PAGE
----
You are currently browsing the category archive for the ‘art journal’ category.

As I was tracing, my brilliant daughter asked me why I didn’t just print out the photo.

!?

Because then I could just sandwich carbon paper between the printed version and the linoleum in order to transfer it. No need to trace it and turn it over, as I’d planned.

?!

As long as I didn’t mind the image being reversed, my brilliant wife added.

!!

The printout is fine, and I don’t mind the image being reversed. I am set to show up tomorrow and transfer it to the lino. The tracing was fun and not difficult, but yeesh. It’s a good thing I have people around to point out the obvious.

The linocut class we signed up for as a family months ago is now one day away, and we’re all finishing up our drawings. Remember how my plan was a triptych showing three stages of seedpod decay? Well, I decided against seedpods for a few reasons. I couldn’t find the fresh seedpods; I didn’t document the decay as it happened; and frankly, I don’t find them much more visually interesting now than I did when they were closer to fresh. So I decided to print leaves: one freshly fallen, one more desiccated, and then one worn down to almost a skeleton.

20200221_233545 (2)
bw rotated

I collected and drew the leaves earlier this week, but when I did sketches of
the skeletal leaf, I realized that a print of it alone would take me the five hours of the workshop–at least. And it conveys the point without the earlier stages. So I am now working on tracing the version on the left from my computer screen onto tracing paper. (I’m holding the stem with a fishbone tweezer to keep my hand out of the shot.) I’m probably going to render it in black and white, no grayscale, so the print will look more like the version on the right.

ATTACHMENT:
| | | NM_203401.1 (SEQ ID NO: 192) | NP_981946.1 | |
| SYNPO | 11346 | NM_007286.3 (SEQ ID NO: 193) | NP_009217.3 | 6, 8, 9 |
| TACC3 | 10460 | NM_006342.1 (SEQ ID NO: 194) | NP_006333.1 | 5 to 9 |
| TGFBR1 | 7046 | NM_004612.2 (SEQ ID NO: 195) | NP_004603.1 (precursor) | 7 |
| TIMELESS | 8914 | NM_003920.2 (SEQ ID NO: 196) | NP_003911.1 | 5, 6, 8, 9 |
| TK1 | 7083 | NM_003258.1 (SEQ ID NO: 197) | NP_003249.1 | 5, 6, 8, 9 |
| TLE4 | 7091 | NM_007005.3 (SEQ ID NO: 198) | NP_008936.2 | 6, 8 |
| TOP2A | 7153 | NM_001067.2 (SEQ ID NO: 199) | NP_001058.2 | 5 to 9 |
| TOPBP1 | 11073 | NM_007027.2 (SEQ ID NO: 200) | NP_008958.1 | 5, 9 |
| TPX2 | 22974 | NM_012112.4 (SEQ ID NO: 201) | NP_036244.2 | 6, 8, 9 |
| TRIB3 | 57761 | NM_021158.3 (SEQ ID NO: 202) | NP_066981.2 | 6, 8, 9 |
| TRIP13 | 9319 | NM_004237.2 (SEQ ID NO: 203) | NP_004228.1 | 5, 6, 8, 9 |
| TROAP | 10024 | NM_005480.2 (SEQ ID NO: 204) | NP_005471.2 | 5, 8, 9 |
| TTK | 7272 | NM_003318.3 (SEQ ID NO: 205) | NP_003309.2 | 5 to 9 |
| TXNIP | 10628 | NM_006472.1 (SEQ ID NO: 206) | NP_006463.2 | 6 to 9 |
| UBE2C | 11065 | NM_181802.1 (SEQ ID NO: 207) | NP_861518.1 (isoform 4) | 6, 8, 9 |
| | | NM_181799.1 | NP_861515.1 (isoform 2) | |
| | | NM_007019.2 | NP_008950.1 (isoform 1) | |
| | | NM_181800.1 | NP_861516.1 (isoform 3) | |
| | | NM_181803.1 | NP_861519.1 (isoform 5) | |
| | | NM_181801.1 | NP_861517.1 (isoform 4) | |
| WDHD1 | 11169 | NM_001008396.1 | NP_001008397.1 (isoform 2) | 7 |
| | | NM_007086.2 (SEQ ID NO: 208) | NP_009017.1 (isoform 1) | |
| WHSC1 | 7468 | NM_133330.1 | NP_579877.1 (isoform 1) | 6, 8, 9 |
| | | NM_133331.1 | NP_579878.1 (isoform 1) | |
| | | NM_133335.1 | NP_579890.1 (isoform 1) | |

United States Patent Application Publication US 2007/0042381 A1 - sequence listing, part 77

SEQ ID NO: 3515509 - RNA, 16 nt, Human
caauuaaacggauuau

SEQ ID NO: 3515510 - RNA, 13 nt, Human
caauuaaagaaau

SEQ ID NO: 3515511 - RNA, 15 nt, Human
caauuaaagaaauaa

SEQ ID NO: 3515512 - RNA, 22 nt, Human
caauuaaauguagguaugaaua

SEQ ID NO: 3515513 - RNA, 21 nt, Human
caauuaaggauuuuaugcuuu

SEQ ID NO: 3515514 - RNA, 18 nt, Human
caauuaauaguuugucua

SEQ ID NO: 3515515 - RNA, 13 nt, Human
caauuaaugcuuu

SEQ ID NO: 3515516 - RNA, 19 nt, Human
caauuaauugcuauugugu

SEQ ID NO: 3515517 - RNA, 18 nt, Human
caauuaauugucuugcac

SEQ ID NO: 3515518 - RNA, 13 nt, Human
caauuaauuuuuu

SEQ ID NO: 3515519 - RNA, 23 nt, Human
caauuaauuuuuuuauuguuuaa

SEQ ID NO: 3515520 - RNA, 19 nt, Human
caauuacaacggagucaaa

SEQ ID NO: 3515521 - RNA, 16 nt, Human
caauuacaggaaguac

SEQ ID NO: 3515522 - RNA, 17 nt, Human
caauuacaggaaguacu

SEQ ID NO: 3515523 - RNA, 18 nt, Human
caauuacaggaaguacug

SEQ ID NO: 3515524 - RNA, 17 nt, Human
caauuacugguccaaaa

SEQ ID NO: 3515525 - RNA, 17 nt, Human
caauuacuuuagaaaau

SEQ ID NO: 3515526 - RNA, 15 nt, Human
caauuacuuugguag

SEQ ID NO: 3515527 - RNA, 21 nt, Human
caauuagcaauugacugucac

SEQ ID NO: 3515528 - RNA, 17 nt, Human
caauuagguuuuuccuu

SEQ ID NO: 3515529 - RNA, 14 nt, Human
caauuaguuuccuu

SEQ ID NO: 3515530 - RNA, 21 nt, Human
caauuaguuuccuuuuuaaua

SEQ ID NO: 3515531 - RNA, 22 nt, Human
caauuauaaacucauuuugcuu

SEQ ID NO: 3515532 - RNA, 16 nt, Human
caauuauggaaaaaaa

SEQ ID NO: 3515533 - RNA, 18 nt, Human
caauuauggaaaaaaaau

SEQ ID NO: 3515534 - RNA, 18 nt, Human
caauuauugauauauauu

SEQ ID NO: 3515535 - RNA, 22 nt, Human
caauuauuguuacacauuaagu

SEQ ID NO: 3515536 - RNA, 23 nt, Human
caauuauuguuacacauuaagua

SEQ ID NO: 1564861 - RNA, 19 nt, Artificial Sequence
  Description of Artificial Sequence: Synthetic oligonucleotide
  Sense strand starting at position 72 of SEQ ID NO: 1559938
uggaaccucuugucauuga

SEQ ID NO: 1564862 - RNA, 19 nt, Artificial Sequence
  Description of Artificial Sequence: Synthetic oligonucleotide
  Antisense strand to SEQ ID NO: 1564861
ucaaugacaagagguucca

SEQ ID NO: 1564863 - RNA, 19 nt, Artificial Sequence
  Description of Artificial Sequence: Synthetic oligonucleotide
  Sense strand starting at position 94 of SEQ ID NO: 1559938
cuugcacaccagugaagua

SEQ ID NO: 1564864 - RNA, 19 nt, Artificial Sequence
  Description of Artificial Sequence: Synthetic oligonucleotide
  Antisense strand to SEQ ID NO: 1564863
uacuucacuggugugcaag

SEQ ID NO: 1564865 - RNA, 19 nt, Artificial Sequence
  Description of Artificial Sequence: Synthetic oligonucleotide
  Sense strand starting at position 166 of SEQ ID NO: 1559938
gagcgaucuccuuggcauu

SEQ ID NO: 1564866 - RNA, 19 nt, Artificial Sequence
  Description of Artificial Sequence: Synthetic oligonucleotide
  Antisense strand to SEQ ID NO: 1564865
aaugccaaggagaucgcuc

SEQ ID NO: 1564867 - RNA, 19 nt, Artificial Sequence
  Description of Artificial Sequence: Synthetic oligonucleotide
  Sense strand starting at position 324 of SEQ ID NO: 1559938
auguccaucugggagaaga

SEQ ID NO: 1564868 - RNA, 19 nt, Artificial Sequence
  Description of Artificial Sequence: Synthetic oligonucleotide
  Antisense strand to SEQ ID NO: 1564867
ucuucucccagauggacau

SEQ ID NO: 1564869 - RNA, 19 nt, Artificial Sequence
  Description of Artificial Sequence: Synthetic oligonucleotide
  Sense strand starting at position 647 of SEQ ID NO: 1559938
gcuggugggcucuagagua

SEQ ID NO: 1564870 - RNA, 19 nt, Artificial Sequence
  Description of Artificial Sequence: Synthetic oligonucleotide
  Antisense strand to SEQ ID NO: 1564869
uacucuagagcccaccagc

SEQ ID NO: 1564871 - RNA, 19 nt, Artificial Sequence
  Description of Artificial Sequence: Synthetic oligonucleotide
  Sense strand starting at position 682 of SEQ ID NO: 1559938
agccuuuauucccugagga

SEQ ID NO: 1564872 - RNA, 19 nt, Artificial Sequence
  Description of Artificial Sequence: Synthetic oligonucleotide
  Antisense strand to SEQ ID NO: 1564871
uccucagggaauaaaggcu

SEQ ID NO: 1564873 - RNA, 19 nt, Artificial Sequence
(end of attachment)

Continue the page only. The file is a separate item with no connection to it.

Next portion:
Whether I can transfer the tracing to carbon paper and then onto the linoleum, carve it, and print it satisfactorily, all in five hours, is doubtful, but I’ll give it a go. I really want to work on the delicacy of my carving, and this fits the bill.

Drawn with SketchbookX app

I love these cones, which often look like small, brittle roses. Yesterday I finally looked up what kind of tree they come from and learned that they are deodar cedars, native to the Mediterranean but frequently planted here in the San Francisco Bay area. The reason we find them shaped like this is that the cones shed from top to bottom. Someone named Don Latarski even made a time-lapse video of their decay.

The rose shape is what they look like midway through the process from tight cone to full dispersal.

I’ve had this one on a bookshelf in our living room for a few years, and made this drawing of it tonight with my cellphone app.

I followed my plan of drawing the same subject in a markedly different style tonight, difficult though that is, and it helped shake the doldrums I had last night. I’m going to try something even more uncharacteristic tomorrow. It will be interesting to see what happens if I keep mixing it up.

Day 96 of #100days of making art

That’s all. I just hate my own style, or maybe it’s not that that I hate, but the particular ways I get stuck. My too-familiar ruts. Ugh.

I’m spilling this out here because my blog is in part my art journal, and it’s important to share the gamut of moods.

Tomorrow I’ll try to get out of the rut by drawing the same subject (a couple of leaves) in a totally different way. Tonight I’m just closing the sketchbook on this unsatisfying drawing and going to bed.

Day 95 of #100days of making art

Day 92, and the second in a row of having lots of time for art, thanks to a Sunday off. I painted the lower right hand “room,” glued the walls in place, and did most of the vase.